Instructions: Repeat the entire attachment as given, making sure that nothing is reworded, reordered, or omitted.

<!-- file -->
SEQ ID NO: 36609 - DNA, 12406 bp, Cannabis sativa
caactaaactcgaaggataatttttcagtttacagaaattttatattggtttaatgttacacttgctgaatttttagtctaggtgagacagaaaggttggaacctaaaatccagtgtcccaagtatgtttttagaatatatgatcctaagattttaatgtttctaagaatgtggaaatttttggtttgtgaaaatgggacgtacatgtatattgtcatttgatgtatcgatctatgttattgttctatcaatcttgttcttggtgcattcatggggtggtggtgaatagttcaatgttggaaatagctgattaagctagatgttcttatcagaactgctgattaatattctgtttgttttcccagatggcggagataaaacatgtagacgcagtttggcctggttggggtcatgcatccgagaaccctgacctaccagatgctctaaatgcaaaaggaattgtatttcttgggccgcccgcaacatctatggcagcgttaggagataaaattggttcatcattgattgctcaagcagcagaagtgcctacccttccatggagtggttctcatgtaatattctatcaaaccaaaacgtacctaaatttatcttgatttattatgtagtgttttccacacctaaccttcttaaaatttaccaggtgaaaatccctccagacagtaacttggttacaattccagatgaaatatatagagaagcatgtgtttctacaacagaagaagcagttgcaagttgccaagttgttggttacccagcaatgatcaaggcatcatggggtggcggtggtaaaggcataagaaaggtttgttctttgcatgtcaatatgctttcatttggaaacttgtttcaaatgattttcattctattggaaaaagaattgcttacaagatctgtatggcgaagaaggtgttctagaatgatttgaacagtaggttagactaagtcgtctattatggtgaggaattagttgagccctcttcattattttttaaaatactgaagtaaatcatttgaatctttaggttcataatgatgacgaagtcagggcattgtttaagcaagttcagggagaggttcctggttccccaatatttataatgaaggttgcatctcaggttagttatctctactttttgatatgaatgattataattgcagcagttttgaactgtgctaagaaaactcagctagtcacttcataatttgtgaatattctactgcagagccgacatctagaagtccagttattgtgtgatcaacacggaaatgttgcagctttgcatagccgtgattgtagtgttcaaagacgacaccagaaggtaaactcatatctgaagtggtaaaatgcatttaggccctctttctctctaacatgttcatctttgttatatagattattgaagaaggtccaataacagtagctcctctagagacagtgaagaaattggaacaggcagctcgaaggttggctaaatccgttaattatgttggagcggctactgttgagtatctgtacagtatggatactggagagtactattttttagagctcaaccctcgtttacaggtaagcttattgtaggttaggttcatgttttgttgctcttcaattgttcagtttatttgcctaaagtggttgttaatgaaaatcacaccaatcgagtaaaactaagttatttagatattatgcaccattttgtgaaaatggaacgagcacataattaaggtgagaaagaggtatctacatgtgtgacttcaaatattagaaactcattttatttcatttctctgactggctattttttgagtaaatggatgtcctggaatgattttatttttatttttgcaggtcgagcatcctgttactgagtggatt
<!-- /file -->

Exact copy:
SEQ ID NO: 36609 - DNA, 12406 bp, Cannabis sativa
caactaaactcgaaggataatttttcagtttacagaaattttatattggtttaatgttacacttgctgaatttttagtctaggtgagacagaaaggttggaacctaaaatccagtgtcccaagtatgtttttagaatatatgatcctaagattttaatgtttctaagaatgtggaaatttttggtttgtgaaaatgggacgtacatgtatattgtcatttgatgtatcgatctatgttattgttctatcaatcttgttcttggtgcattcatggggtggtggtgaatagttcaatgttggaaatagctgattaagctagatgttcttatcagaactgctgattaatattctgtttgttttcccagatggcggagataaaacatgtagacgcagtttggcctggttggggtcatgcatccgagaaccctgacctaccagatgctctaaatgcaaaaggaattgtatttcttgggccgcccgcaacatctatggcagcgttaggagataaaattggttcatcattgattgctcaagcagcagaagtgcctacccttccatggagtggttctcatgtaatattctatcaaaccaaaacgtacctaaatttatcttgatttattatgtagtgttttccacacctaaccttcttaaaatttaccaggtgaaaatccctccagacagtaacttggttacaattccagatgaaatatatagagaagcatgtgtttctacaacagaagaagcagttgcaagttgccaagttgttggttacccagcaatgatcaaggcatcatggggtggcggtggtaaaggcataagaaaggtttgttctttgcatgtcaatatgctttcatttggaaacttgtttcaaatgattttcattctattggaaaaagaattgcttacaagatctgtatggcgaagaaggtgttctagaatgatttgaacagtaggttagactaagtcgtctattatggtgaggaattagttgagccctcttcattattttttaaaatactgaagtaaatcatttgaatctttaggttcataatgatgacgaagtcagggcattgtttaagcaagttcagggagaggttcctggttccccaatatttataatgaaggttgcatctcaggttagttatctctactttttgatatgaatgattataattgcagcagttttgaactgtgctaagaaaactcagctagtcacttcataatttgtgaatattctactgcagagccgacatctagaagtccagttattgtgtgatcaacacggaaatgttgcagctttgcatagccgtgattgtagtgttcaaagacgacaccagaaggtaaactcatatctgaagtggtaaaatgcatttaggccctctttctctctaacatgttcatctttgttatatagattattgaagaaggtccaataacagtagctcctctagagacagtgaagaaattggaacaggcagctcgaaggttggctaaatccgttaattatgttggagcggctactgttgagtatctgtacagtatggatactggagagtactattttttagagctcaaccctcgtttacaggtaagcttattgtaggttaggttcatgttttgttgctcttcaattgttcagtttatttgcctaaagtggttgttaatgaaaatcacaccaatcgagtaaaactaagttatttagatattatgcaccattttgtgaaaatggaacgagcacataattaaggtgagaaagaggtatctacatgtgtgacttcaaatattagaaactcattttatttcatttctctgactggctattttttgagtaaatggatgtcctggaatgattttatttttatttttgcaggtcgagcatcctgttactgagtggatt